*An interesting note on this flies history:  Eric Taverner, in "Fly Tying for Salmon," 1942, pg. 11,  writes that the Driffield Angler was "issued" in 1808, and also states, "Mackintosh says, 'I caught one when angling with the fly at Castle-Menzies in the year 1765, that weighed fifty-four pounds and a half.' He mentioned this fact to call attention to the weight of the fish, not to emphasize the use of a fly which must have been an ordinary lure at the time."  The fly both of them are referring to is the original Black Dog, a pattern Taverner gives as identical to the one already given by Mackintosh and quoted directly from the 1821 copyrighted edition I have the PDF scan of.  I have done intra-document searches for every single word in the above Mackintosh quote, and can find no such quote in my version. 

In 1847 Thomas Tod Stoddart published a book entitled “The Anglers Companion to the Rivers and Lochs of Scotland,”  William Blackwood and Sons, Edinburgh and London, wrote the second description of the Black Dog that I was able to find.  On page 240, in a table labeled "Flies for the Awe and Urchay Rivers - Mr. Lascelle's flies, he lists the following pattern, under a subheading Flies for the Urchay:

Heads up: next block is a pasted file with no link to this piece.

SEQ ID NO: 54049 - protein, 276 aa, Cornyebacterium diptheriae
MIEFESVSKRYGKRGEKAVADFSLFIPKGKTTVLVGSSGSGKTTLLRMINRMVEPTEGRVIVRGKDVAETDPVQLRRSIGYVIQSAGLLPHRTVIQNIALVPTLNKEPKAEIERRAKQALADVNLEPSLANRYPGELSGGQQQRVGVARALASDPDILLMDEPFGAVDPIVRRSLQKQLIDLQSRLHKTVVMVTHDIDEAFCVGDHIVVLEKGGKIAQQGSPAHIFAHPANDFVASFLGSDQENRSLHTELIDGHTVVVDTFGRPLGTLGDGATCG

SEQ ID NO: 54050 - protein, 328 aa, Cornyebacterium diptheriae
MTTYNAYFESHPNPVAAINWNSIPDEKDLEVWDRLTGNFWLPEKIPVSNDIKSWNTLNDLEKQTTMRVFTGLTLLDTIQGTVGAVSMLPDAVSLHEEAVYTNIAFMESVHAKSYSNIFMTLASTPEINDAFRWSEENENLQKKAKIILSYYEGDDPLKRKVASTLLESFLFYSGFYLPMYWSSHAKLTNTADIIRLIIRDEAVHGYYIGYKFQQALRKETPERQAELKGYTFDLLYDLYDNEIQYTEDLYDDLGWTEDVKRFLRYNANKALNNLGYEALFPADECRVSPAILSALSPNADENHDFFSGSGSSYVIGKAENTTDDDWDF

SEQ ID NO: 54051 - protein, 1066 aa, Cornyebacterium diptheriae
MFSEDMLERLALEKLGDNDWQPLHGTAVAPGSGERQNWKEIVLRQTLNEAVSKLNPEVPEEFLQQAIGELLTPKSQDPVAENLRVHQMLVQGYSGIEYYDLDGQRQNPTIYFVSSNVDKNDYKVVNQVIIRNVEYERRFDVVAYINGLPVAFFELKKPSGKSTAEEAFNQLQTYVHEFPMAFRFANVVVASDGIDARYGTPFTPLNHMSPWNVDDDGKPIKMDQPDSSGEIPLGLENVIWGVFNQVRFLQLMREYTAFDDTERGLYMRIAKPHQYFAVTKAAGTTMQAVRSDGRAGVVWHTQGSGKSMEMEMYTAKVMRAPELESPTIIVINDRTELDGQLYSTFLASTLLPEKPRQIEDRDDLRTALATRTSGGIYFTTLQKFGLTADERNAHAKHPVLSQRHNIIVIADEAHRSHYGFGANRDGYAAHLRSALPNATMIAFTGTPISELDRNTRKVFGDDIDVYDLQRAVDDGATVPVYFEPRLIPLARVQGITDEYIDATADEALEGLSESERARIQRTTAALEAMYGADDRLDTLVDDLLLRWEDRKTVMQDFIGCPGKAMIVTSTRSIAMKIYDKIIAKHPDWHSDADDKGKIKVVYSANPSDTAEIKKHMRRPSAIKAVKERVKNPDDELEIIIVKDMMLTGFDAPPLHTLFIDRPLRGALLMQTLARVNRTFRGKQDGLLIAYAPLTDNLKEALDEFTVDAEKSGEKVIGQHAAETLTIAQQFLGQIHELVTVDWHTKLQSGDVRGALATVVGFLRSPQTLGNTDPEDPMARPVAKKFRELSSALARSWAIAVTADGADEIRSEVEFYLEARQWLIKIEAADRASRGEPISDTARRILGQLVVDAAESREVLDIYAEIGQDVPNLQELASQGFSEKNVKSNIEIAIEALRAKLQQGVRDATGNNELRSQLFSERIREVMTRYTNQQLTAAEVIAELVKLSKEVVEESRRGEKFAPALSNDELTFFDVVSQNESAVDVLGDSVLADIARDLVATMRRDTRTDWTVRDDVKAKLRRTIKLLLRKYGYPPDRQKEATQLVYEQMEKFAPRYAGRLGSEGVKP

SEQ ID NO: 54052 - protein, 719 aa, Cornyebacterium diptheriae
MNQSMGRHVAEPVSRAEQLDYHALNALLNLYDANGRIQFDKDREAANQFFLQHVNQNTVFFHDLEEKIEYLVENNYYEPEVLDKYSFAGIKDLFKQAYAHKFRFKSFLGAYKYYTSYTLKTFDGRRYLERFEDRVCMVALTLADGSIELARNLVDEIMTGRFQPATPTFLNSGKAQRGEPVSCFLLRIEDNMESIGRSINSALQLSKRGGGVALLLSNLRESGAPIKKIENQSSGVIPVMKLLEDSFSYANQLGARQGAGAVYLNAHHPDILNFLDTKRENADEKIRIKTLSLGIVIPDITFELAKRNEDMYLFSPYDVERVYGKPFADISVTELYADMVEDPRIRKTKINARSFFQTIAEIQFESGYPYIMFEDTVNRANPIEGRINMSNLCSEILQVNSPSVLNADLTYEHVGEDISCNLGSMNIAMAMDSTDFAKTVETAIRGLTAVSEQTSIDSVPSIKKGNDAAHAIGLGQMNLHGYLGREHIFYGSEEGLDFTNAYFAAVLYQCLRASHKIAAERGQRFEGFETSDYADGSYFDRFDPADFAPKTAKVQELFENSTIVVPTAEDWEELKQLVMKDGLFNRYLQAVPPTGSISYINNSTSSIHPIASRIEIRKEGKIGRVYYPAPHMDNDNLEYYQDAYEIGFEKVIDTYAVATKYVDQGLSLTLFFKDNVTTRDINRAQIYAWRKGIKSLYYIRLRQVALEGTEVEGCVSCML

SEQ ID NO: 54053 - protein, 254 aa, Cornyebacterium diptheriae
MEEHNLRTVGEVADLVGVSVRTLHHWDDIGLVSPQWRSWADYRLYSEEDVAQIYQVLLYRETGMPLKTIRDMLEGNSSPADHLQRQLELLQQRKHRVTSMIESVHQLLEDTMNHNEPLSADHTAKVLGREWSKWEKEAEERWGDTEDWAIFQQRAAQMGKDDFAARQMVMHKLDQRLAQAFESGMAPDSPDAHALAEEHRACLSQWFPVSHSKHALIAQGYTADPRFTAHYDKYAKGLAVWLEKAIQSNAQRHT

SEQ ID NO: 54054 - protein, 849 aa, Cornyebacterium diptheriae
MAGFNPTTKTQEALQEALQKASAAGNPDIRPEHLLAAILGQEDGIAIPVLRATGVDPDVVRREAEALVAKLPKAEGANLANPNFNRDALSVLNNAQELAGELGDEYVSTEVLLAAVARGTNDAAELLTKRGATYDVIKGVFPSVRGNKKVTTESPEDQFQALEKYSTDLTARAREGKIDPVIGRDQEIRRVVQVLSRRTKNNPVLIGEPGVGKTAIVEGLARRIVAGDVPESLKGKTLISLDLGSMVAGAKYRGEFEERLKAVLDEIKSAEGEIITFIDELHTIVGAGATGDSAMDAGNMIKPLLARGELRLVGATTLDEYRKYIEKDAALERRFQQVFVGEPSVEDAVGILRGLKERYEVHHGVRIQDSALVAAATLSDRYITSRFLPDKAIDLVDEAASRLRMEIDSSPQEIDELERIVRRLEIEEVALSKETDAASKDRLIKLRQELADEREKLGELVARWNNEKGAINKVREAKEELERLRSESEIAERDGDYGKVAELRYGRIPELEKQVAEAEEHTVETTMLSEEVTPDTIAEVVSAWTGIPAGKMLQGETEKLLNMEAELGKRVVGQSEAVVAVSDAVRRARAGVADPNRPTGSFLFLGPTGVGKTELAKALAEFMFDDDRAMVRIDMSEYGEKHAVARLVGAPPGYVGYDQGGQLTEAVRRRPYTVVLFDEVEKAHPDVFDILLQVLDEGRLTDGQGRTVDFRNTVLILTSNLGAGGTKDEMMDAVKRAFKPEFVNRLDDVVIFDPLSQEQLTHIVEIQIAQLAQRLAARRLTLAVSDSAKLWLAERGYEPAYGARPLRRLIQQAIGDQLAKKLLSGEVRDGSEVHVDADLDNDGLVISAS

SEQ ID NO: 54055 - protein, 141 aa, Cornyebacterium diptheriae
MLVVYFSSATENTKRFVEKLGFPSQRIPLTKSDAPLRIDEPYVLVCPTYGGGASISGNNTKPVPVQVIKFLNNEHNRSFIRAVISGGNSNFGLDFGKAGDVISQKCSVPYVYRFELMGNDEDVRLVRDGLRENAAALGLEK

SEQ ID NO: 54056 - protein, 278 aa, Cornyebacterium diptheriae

Wings of blue heron and red turkey
Body: Lead coloured mohair ribbed with gold lace, large black hackle
Shouldering: dark green mohair
Observations: divide the wing with the gold twist and make it appear about the head. 

This is basically the same pattern as above with the slight alteration in body material, changed from pigs wool to mohair.  The only question remaining is: Who is Mr. Lascelles?